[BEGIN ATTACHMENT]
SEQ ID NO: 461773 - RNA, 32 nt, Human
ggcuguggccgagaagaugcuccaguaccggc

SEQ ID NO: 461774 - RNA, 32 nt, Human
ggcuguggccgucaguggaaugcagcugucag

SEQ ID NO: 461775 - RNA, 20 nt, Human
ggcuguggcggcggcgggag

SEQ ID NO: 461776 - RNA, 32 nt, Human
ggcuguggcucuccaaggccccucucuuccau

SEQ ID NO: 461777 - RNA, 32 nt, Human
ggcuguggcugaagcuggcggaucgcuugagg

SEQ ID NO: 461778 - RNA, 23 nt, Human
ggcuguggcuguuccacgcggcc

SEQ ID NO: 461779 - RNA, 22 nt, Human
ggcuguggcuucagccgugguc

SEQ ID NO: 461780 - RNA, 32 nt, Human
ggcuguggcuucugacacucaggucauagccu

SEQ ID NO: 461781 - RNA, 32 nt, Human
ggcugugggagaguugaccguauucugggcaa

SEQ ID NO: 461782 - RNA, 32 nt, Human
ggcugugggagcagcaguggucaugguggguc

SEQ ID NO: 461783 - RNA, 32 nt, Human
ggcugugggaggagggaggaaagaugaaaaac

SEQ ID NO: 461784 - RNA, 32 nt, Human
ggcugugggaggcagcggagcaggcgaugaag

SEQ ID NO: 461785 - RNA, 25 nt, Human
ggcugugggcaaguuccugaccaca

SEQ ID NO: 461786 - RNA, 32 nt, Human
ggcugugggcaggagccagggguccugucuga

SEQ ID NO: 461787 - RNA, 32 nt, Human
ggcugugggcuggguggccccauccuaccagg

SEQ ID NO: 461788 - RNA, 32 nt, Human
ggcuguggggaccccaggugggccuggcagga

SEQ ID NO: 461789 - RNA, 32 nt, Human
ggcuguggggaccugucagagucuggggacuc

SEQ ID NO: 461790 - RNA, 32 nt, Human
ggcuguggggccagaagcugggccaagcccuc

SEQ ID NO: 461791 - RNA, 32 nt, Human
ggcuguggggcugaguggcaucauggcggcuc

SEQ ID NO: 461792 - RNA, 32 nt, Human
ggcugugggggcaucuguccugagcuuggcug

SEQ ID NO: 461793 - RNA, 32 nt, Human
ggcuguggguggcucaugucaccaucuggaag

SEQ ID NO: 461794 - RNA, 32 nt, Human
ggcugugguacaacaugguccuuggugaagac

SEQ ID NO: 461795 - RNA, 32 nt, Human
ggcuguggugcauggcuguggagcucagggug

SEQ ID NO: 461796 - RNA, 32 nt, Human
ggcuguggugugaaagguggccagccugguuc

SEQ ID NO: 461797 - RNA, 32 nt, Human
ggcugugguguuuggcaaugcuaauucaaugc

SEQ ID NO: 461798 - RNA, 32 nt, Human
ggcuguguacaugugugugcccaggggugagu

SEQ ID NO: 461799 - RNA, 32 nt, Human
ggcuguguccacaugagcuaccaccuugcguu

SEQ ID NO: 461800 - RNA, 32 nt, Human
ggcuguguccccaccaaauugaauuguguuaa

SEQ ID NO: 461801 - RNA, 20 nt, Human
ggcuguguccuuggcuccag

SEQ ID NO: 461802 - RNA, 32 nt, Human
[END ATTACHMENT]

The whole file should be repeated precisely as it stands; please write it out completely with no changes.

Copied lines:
SEQ ID NO: 461773 - RNA, 32 nt, Human
ggcuguggccgagaagaugcuccaguaccggc

SEQ ID NO: 461774 - RNA, 32 nt, Human
ggcuguggccgucaguggaaugcagcugucag

SEQ ID NO: 461775 - RNA, 20 nt, Human
ggcuguggcggcggcgggag

SEQ ID NO: 461776 - RNA, 32 nt, Human
ggcuguggcucuccaaggccccucucuuccau

SEQ ID NO: 461777 - RNA, 32 nt, Human
ggcuguggcugaagcuggcggaucgcuugagg

SEQ ID NO: 461778 - RNA, 23 nt, Human
ggcuguggcuguuccacgcggcc

SEQ ID NO: 461779 - RNA, 22 nt, Human
ggcuguggcuucagccgugguc

SEQ ID NO: 461780 - RNA, 32 nt, Human
ggcuguggcuucugacacucaggucauagccu

SEQ ID NO: 461781 - RNA, 32 nt, Human
ggcugugggagaguugaccguauucugggcaa

SEQ ID NO: 461782 - RNA, 32 nt, Human
ggcugugggagcagcaguggucaugguggguc

SEQ ID NO: 461783 - RNA, 32 nt, Human
ggcugugggaggagggaggaaagaugaaaaac

SEQ ID NO: 461784 - RNA, 32 nt, Human
ggcugugggaggcagcggagcaggcgaugaag

SEQ ID NO: 461785 - RNA, 25 nt, Human
ggcugugggcaaguuccugaccaca

SEQ ID NO: 461786 - RNA, 32 nt, Human
ggcugugggcaggagccagggguccugucuga

SEQ ID NO: 461787 - RNA, 32 nt, Human
ggcugugggcuggguggccccauccuaccagg

SEQ ID NO: 461788 - RNA, 32 nt, Human
ggcuguggggaccccaggugggccuggcagga

SEQ ID NO: 461789 - RNA, 32 nt, Human
ggcuguggggaccugucagagucuggggacuc

SEQ ID NO: 461790 - RNA, 32 nt, Human
ggcuguggggccagaagcugggccaagcccuc

SEQ ID NO: 461791 - RNA, 32 nt, Human
ggcuguggggcugaguggcaucauggcggcuc

SEQ ID NO: 461792 - RNA, 32 nt, Human
ggcugugggggcaucuguccugagcuuggcug

SEQ ID NO: 461793 - RNA, 32 nt, Human
ggcuguggguggcucaugucaccaucuggaag

SEQ ID NO: 461794 - RNA, 32 nt, Human
ggcugugguacaacaugguccuuggugaagac

SEQ ID NO: 461795 - RNA, 32 nt, Human
ggcuguggugcauggcuguggagcucagggug

SEQ ID NO: 461796 - RNA, 32 nt, Human
ggcuguggugugaaagguggccagccugguuc

SEQ ID NO: 461797 - RNA, 32 nt, Human
ggcugugguguuuggcaaugcuaauucaaugc

SEQ ID NO: 461798 - RNA, 32 nt, Human
ggcuguguacaugugugugcccaggggugagu

SEQ ID NO: 461799 - RNA, 32 nt, Human
ggcuguguccacaugagcuaccaccuugcguu

SEQ ID NO: 461800 - RNA, 32 nt, Human
ggcuguguccccaccaaauugaauuguguuaa

SEQ ID NO: 461801 - RNA, 20 nt, Human
ggcuguguccuuggcuccag

SEQ ID NO: 461802 - RNA, 32 nt, Human